The water requirement ratio identifies incoherent pairs of data on irrigation water requirement and irrigation water withdrawal, and has been fixed in this review at either below 15 percent or above 85 percent. In these cases, either the values of irrigation water requirement or the values of irrigation water withdrawal are corrected based on expert judgement.
Corrections of irrigation water requirement—based on the corresponding correction ratios and their respective water withdrawal (as explained above)—apply in the following three situations:
In addition, a correction of irrigation water withdrawal is also applied to some African countries:
The resulting irrigation water requirement and irrigation water withdrawal for 167 countries are displayed in Table 4 together with their corresponding water requirement ratio. In addition, total actual renewable freshwater resources for each country are also presented and used in the calculation of the pressure on freshwater resources due to irrigation (water withdrawal for irrigation as a percentage of total actual renewable freshwater resources). The direct use of non-conventional water was not considered in this estimate of water pressure, but is done in the MDG water indicator. Regional data and analysis are available in the "Pressure on water resources due to irrigation" section (below).
Water requirement ratios obtained for individual countries (Table 4) are compiled and analyzed by continent and by income-based grouping (high, middle and low income, as defined as of October 2012). Also, like in the regional summary of irrigated crop calendars, special attention is given to LIFDCs and LDCs (Table 5).
On average, for the 167 countries, it is estimated that the water requirement ratio is around 56 percent, varying from 23 percent in areas of abundant water resources (Central America) to 72 percent in Northern Africa where water scarcity calls for higher water requirement ratios. In addition to geographical disparity based on water availability, water requirement ratios also may depend on financial resources availability as the income-based grouping evidences with increasing ratios for low, middle and high income countries: 48, 56 and 61 percent respectively. The LDCs display an even lower water requirement ratio with only 50 percent. The lack of financial resources may impede the appropriate operation and maintenance of irrigation systems and the development of smallholder/small-scale irrigation, as well as the development of pressurized irrigation systems—more expensive than surface irrigation systems but with higher irrigation efficiency at field scale. Financial resources also make possible the capacity building of irrigators and water officials and the monitoring of water resources among other. The higher water requirement ratios of the high income countries counterbalances both their lower cropping intensity and lower portion of areas equipped actually irrigated (explained in the regional summary of irrigated crop calendars). At country level, variations are even higher with water requirement ratios varying from 18 percent to 85 percent. In addition, relations to both water availability and income disappear, with a number of water-stressed or high income countries having relatively low water requirement ratios and some water abundant or low income countries having relatively high water requirement ratios (see also the discussion about the limitations of this review).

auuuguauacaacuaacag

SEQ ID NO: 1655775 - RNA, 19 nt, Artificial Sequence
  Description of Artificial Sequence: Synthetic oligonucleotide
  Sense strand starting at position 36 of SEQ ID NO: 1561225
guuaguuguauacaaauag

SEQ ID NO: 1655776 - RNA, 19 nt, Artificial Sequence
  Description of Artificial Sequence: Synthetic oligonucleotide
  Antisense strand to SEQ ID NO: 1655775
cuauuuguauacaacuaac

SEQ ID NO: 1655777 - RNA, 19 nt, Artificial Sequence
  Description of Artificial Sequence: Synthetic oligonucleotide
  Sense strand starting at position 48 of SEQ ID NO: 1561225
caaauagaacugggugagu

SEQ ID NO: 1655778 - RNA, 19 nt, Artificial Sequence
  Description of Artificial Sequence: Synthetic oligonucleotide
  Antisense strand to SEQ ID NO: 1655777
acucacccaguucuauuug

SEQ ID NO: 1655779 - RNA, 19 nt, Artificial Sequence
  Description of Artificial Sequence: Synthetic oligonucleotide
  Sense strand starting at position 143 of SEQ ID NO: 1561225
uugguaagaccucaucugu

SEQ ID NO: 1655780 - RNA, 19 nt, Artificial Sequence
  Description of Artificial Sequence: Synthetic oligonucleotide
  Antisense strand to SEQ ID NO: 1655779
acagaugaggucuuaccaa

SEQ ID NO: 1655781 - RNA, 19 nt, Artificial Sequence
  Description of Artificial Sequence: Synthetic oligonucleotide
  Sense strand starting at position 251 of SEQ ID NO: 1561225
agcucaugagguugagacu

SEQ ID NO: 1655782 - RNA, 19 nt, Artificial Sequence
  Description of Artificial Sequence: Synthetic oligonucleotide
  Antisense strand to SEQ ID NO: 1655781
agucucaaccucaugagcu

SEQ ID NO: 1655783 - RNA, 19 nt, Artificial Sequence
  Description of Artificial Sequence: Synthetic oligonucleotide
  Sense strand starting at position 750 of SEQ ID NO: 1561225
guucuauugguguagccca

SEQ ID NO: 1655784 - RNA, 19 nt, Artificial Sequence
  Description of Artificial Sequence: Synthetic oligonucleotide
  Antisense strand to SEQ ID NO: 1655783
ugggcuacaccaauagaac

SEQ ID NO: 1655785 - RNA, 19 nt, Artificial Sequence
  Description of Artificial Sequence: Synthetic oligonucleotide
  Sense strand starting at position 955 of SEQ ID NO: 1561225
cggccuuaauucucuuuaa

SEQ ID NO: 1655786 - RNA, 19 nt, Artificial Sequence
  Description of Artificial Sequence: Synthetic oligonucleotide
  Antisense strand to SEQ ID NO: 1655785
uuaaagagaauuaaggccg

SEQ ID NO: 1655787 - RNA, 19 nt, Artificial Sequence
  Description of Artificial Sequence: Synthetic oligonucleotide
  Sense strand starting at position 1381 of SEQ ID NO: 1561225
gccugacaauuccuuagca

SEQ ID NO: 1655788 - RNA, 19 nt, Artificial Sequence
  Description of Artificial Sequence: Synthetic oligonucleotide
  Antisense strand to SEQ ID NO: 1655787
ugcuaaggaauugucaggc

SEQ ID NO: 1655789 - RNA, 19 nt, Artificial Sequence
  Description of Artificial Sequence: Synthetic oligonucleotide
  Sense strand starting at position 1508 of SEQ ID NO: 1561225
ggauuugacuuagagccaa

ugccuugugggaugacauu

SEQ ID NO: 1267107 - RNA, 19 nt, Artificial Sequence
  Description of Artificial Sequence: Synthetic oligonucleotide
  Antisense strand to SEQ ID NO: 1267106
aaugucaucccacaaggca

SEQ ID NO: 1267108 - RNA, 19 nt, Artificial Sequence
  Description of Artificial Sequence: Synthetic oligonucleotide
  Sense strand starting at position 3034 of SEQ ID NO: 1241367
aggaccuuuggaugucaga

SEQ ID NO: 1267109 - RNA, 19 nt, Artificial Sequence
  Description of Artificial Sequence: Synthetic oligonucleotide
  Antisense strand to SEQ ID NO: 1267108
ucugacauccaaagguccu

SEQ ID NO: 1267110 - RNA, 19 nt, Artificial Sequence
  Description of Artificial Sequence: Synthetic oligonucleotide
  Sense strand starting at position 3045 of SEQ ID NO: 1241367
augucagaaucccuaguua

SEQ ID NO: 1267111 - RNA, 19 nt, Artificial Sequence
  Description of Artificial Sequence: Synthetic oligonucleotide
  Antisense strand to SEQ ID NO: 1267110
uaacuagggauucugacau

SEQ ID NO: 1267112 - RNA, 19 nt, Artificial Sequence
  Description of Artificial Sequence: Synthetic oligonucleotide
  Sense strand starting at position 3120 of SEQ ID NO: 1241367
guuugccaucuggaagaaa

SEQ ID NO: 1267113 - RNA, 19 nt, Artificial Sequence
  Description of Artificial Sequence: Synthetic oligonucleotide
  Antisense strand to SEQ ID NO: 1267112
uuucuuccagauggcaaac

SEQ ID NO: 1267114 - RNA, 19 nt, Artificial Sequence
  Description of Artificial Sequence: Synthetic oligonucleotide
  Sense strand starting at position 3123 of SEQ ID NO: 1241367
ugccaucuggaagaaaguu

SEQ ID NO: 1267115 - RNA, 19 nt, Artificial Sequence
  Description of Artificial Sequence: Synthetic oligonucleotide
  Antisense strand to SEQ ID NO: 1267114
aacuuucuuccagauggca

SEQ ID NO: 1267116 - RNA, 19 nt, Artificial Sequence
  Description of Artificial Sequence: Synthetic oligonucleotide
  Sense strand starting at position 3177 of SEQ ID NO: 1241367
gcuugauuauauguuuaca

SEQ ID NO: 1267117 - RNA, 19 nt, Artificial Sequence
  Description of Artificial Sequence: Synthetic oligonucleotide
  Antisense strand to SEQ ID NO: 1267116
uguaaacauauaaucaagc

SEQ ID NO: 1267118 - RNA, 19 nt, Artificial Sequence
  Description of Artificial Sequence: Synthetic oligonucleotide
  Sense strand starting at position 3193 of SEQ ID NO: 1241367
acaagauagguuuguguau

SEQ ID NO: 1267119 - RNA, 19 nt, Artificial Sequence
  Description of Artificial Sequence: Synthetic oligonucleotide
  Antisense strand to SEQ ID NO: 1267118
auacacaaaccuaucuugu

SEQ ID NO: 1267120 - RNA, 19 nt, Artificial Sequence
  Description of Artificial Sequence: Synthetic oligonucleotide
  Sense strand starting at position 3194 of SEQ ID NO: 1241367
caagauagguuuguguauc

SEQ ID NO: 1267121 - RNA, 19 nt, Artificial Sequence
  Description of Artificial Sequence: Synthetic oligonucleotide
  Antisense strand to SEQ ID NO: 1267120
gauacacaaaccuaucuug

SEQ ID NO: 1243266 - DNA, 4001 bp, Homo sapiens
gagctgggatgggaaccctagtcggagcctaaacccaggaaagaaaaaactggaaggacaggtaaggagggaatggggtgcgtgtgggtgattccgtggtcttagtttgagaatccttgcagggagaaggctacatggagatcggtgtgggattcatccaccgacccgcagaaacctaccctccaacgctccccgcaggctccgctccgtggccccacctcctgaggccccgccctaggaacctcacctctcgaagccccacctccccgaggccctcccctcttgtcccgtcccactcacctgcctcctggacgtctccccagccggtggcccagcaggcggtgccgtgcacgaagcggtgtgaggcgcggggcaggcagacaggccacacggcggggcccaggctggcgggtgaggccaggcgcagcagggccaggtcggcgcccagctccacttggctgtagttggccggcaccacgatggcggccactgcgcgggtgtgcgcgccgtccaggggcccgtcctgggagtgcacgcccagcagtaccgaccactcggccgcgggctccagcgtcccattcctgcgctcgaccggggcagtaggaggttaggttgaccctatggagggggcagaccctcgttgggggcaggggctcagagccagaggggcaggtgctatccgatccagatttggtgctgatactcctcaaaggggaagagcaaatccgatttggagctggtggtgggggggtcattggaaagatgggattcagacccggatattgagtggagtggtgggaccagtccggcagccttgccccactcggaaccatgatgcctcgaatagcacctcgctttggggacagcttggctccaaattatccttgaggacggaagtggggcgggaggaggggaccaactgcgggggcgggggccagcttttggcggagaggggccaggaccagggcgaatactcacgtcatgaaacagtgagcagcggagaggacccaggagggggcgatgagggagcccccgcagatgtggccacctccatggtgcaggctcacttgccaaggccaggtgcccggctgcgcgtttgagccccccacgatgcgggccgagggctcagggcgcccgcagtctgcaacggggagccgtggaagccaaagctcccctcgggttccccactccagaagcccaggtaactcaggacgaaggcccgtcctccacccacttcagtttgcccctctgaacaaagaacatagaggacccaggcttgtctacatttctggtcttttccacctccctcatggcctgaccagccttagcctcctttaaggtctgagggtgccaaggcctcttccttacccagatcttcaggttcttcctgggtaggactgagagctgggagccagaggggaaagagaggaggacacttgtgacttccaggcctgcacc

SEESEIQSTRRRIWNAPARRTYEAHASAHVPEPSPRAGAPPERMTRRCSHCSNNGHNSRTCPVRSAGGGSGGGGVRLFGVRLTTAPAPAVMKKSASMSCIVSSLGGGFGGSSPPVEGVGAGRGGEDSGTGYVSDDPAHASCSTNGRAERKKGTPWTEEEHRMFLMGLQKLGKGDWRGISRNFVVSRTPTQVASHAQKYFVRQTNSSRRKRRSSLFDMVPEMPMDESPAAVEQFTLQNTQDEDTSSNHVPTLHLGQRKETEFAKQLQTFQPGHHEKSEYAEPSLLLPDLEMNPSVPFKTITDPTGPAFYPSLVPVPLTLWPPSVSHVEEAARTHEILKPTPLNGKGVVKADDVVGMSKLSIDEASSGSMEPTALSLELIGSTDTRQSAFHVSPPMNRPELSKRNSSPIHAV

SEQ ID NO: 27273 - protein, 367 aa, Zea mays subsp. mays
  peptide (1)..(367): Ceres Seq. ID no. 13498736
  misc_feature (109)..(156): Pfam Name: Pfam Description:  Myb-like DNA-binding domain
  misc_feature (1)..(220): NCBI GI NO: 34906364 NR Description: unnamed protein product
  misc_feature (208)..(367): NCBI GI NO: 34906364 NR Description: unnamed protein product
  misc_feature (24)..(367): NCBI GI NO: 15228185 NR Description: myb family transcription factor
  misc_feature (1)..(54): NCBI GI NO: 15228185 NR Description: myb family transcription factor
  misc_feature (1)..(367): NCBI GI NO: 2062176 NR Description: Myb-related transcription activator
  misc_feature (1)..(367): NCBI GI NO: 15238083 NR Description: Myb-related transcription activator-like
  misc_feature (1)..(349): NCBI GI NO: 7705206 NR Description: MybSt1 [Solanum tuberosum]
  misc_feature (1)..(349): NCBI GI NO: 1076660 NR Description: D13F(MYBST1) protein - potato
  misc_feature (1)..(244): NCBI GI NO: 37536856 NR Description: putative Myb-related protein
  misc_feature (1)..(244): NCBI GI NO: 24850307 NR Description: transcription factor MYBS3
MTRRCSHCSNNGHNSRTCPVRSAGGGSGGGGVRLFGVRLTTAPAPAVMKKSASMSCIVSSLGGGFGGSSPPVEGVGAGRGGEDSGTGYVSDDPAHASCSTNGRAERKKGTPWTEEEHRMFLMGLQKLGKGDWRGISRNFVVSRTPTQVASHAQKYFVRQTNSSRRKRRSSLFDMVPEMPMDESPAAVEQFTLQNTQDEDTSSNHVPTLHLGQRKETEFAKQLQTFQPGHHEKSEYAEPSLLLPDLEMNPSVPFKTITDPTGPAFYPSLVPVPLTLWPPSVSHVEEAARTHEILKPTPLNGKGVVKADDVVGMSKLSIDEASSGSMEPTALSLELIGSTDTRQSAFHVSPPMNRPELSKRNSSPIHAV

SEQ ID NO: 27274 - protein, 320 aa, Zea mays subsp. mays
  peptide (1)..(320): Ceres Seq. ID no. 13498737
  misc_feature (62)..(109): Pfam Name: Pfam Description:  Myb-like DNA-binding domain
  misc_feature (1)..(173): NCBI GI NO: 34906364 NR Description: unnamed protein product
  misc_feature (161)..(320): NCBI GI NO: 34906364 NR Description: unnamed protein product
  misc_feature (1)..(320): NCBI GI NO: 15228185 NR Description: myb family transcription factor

Irrigation water withdrawal was estimated to account for only 5 percent of total renewable water resources for the 167 countries studied (Table 5). However, there are wide variations between regions, with the Northern Africa region using 77 percent of its water resources in irrigation and the Middle East 40 percent (and the Arabian Peninsula, one of its sub-regions, uses 472 percent of its resources), while Latin America barely uses 2 percent and Europe 1 percent. Ten countries (mostly from the Arabian Peninsula, but also from Northern Africa or Central Asia) used volumes of water for irrigation which are several times larger than their annual renewable water resources in their respective reference year. Despite the distortion of these ratios by the use of significant volume of secondary freshwater (water previously withdrawn and returned to rivers and groundwater) and non-conventional sources of water—direct use of treated or untreated wastewater, agricultural drainage water and even desalinated water for agriculture—as well as fossil groundwater in some cases, the situation remains critical in these countries. An additional 22 countries used more than 20 percent of their water resources, a threshold that could be used to indicate impending water scarcity. For other countries, relatively low national figures may give an overly optimistic impression of the level of water stress: China, for instance, is facing severe water shortage in the north while the south still has abundant water resources. Overexploitation of renewable groundwater also occurs at the local level in several countries of the Near East, Northern Africa, South and East Asia, Central America and in the Caribbean, even if at the national level the water balance may still be positive.